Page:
When the markets go into correction mode, recent initial public offerings get whacked. Because IPOs tend to carry more risk, investors are more likely to dump them when fear is high.
And recently, we’ve gotten a pretty stark reminder of that.
Over the past few weeks, a number of IPOs have been bludgeoned pretty hard. Consider that year-to-date, roughly half of the 222 U.S.-listed IPOs are in negative territory, with 81 currently sporting double-digit losses.
But look on the bright side: These corrections mean that investors have a chance to get attractive IPOs at a nice discount.
Here are three IPOs that are worth considering while they’re still on sale:
Fallen IPOs #1: Everyday Health (EVDY)
IPO Price: $14 per share
Return Since IPO: -14%
Everyday Health (EVDY) operates a digital content platform for health and wellness. A key part of the company’s strategy has been to lock up agreements with well-known physicians like Dr. Sanjay Gupta and world-renowned medical institutions such as the Mayo Clinic. And that has provided some reach — EVDY reaches some 90% of all oncologists and hematologists in the U.S.
Lackluster growth — the company saw last quarter’s revenues grow just 11% year-over-year to $41.4 million — has weighed on this IPO’s shares. But some factors may help boost performance.
First, Everyday Health should benefit from increased demand on the part of pharma companies for advertising and sponsorships. These companies are facing tough headwinds, such as stricter requirements on sales to doctors as well as patent expirations.
EVDY also is focusing on finding customers from mobile devices, and in its most recent quarter, it garnered 63% of visits from mobile.
What’s more, the issues and complexities of healthcare will require trusted authorities (see: the Ebola scare, where social media has proven it’s lacking).
There are several long-term catalysts for EVDY stock, and thanks to woeful performance, shares are reasonably priced too. EVDY trades at 14 times next year’s earnings, which compares favorably to a 30 price-to-earnings ratio for rival WebMD Health (WBMD).
Fallen IPOs #2: Ally Financial (ALLY)
IPO Price: $25 per share
Return Since IPO: -13%
Ally Financial (ALLY), which got its start nearly a 100 years ago, was the financing arm of General Motors (GM). However, the bank eventually entered businesses such as subprime mortgage, which helped bring things to ruin during the financial crisis.
Not only was ALLY forced to get a $5 billion bailout loan from the government, but the bank had to get a pair of other infusions as well, bringing the total to over a staggering $17 billion.
However, Ally has gotten back on track through a radical transformation, and it looks like the federal government will end up making a tidy profit.
Shareholders might, too.
The key driver for ALLY stock is that the company is essentially a pure play on the fast-growing, lucrative auto lending market. Over the years, the company has reduced its dependence on GM and Fiat Chrysler (FCAU) and diversified its base. Ally now has about 16,000 dealers within its system and serves about 4 million retail customers. About one out of every 18 new cars is financed from the company.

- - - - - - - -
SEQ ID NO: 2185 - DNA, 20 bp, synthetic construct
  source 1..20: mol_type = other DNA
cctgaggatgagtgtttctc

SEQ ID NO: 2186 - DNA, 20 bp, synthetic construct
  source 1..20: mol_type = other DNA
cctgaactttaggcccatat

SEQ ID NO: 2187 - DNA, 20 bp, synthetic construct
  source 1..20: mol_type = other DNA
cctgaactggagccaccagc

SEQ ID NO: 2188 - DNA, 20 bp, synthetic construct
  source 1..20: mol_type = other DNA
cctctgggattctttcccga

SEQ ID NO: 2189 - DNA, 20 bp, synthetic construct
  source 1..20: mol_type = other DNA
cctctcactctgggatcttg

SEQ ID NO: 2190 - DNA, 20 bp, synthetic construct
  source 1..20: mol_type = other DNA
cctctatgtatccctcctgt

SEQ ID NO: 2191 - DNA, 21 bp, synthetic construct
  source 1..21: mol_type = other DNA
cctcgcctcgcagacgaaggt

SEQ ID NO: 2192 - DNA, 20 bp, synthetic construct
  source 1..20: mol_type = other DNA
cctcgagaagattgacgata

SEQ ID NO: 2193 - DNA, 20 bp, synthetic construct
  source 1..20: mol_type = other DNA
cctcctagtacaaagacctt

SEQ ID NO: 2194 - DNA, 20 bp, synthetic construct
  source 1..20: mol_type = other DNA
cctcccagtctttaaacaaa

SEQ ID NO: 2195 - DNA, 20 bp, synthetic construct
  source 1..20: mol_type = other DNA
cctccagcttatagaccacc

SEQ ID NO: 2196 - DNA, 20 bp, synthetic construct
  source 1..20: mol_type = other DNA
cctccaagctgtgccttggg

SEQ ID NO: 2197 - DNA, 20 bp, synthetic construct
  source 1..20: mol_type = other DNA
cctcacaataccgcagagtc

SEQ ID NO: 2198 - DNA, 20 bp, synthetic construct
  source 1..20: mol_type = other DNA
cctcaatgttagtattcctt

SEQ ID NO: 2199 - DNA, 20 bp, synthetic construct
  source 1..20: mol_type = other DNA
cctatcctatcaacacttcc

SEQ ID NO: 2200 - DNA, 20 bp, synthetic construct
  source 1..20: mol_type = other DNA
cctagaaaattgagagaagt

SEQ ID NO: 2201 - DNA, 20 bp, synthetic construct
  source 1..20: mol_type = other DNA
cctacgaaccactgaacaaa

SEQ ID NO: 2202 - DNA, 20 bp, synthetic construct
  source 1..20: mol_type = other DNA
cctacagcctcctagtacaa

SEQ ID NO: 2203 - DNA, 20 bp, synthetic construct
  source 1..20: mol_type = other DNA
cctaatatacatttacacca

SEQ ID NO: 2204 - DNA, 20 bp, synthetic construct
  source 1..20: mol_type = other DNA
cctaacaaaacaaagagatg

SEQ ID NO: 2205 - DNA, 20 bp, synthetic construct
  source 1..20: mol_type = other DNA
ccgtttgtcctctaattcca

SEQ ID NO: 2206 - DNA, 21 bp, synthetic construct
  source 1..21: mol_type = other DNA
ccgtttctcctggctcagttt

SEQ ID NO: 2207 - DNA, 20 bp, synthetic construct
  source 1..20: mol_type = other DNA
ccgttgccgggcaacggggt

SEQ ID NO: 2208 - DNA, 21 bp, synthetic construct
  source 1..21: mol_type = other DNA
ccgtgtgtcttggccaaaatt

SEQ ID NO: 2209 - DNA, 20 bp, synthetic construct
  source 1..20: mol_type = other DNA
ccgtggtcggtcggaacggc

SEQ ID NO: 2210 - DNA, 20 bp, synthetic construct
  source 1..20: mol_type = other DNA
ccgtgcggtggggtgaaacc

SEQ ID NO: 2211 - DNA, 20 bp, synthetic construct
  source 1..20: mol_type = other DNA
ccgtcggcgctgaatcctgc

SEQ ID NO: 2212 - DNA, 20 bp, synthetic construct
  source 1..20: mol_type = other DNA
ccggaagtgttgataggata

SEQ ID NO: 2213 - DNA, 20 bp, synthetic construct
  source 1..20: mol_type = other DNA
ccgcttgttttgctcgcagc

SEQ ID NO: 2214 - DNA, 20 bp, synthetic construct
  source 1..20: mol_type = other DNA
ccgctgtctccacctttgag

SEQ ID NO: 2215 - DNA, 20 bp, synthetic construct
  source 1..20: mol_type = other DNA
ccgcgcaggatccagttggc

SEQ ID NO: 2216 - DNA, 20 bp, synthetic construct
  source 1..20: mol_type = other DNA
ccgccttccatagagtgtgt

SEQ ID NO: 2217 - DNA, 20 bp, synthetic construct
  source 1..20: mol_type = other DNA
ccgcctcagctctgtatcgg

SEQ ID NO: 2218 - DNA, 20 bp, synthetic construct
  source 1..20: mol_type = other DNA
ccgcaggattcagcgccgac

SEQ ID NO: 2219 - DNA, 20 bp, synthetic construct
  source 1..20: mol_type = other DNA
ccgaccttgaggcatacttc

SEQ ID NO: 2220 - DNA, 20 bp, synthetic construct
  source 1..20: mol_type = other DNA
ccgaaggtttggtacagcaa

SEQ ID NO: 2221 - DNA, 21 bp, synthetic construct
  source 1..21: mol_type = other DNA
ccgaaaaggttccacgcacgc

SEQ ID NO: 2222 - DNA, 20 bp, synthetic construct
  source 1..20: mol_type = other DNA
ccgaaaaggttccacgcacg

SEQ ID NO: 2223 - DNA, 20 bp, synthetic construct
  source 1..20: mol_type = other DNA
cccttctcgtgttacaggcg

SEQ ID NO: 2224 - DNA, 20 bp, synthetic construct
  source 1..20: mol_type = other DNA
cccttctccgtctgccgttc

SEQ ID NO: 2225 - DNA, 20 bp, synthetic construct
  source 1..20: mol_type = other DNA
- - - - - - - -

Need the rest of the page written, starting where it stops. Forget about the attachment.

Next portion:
ALLY stock also should benefit from the company’s innovation efforts. For example, the company has sold over 4.4 million cars through its SmartAuction business, which has a highly popular mobile app.
In Q2, Ally reported earnings of 42 cents per share, up 24% year-over-year. But profits might be poised for even stronger growth thanks to a continued ramp in the U.S. economy, a plunge in interest rates (putting the cost of capital at rock-bottom levels), and attraction of top-notch investors such as billionaire Dan Loeb, whose Third Point hedge-fund firm took a 9.5% stake in ALLY stock early this year.
Fallen IPOs #3: Vivint Solar (VSLR)
IPO Price: $16 per share
Before its IPO in late September, Vivint Solar (VSLR) — which offers solar installations — looked like it could be the next SolarCity (SCTY), but investors got burned. VSLR stock tumbled from a high of $18.70 to a low of $9.66.
Still, things look sunny going forward.
Vivint Solar is already the No. 2 player in the U.S. behind only SCTY, and it got there thanks to good strategy on several fronts:
VSLR’s installations are offered without any upfront costs. Instead, a customer will pay an ongoing amount for 20-years, which is generally at 15% to 30% savings compared to typical utility rates. The company also is finding traction with its door-to-door selling strategy.
Growth has been staggering, with first-half 2014 revenues skyrocketing by 4X to $10.1 million, and it looks like the growth opportunity is in its early stages. According to GTM Research, solar energy has penetrated just 1% of the residential market, and forecasts that the compound annual growth rate for installed capacity will be a hefty 37% from 2012 to 2018.
And there might even be a short-term catalyst for Vivint Solar. The company’s quiet period will expire on Nov. 10, and the company’s underwriters will be allowed to publish analysts’ reports. These typically are more upbeat than not, and could spark VSLR stock to a nice pop.
Tom Taulli runs the InvestorPlace blog IPO Playbook. He is also the author of High-Profit IPO Strategies, All About Commodities and All About Short Selling. Follow him on Twitter at @ttaulli. As of this writing, he did not hold a position in any of the aforementioned securities.